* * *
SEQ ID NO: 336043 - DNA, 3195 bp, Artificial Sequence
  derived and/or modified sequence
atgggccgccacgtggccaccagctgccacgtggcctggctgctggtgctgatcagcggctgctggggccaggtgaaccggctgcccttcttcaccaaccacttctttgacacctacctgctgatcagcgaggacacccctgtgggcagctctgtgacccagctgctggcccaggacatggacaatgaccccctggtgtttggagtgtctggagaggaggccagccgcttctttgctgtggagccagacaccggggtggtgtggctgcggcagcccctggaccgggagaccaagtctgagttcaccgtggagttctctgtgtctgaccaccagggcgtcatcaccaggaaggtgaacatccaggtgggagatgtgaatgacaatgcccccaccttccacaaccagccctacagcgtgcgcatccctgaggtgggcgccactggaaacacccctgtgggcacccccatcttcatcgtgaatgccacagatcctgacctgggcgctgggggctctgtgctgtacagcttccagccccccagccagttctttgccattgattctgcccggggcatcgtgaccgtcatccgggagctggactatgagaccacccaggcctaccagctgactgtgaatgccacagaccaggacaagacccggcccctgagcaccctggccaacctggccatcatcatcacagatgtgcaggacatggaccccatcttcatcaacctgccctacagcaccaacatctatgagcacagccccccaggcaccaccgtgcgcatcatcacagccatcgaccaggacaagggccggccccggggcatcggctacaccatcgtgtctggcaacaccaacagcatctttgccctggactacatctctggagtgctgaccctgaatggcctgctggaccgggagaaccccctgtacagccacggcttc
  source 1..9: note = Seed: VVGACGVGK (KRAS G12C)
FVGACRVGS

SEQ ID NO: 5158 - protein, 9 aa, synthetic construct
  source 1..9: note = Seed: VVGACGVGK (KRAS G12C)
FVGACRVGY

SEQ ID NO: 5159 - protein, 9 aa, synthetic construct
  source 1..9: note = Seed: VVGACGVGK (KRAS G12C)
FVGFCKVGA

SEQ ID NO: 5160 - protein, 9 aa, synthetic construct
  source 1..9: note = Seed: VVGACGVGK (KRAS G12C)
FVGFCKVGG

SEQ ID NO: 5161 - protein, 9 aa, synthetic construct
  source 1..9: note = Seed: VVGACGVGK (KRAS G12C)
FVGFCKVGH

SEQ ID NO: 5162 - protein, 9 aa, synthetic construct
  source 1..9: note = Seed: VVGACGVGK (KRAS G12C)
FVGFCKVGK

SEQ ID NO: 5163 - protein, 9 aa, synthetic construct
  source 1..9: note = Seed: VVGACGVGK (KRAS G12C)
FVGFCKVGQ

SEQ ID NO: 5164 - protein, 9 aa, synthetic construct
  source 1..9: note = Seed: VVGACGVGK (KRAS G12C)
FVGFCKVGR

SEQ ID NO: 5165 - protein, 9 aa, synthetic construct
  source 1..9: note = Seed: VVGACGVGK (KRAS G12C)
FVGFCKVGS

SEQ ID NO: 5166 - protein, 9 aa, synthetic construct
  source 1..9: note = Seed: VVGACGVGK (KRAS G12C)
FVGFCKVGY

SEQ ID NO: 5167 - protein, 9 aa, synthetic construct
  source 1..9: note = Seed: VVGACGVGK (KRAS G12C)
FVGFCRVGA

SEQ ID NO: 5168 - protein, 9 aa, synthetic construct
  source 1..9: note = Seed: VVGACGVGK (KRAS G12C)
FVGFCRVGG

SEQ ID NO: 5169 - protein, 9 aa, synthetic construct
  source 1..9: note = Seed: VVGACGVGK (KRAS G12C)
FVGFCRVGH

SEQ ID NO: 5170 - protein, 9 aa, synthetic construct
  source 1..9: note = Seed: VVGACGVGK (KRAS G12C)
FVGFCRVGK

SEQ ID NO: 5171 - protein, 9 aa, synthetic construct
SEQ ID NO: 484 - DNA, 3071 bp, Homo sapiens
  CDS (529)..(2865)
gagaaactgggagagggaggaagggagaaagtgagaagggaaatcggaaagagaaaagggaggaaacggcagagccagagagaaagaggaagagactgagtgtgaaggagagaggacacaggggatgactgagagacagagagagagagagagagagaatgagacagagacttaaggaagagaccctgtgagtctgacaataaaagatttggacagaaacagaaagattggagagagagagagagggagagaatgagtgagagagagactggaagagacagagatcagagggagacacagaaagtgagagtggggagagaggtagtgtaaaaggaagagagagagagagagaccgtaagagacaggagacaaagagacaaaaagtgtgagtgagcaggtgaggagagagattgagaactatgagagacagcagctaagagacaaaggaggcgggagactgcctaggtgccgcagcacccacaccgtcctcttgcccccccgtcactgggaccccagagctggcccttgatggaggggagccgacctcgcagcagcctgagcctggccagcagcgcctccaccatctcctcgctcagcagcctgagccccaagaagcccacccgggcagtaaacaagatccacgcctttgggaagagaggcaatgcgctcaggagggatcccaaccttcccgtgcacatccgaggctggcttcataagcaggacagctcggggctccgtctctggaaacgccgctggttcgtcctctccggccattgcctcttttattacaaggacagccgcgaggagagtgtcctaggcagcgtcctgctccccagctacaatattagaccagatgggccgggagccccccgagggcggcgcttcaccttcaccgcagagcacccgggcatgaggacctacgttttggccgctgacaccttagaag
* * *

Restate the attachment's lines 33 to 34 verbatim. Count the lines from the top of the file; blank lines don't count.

SEQ ID NO: 5167 - protein, 9 aa, synthetic construct
  source 1..9: note = Seed: VVGACGVGK (KRAS G12C)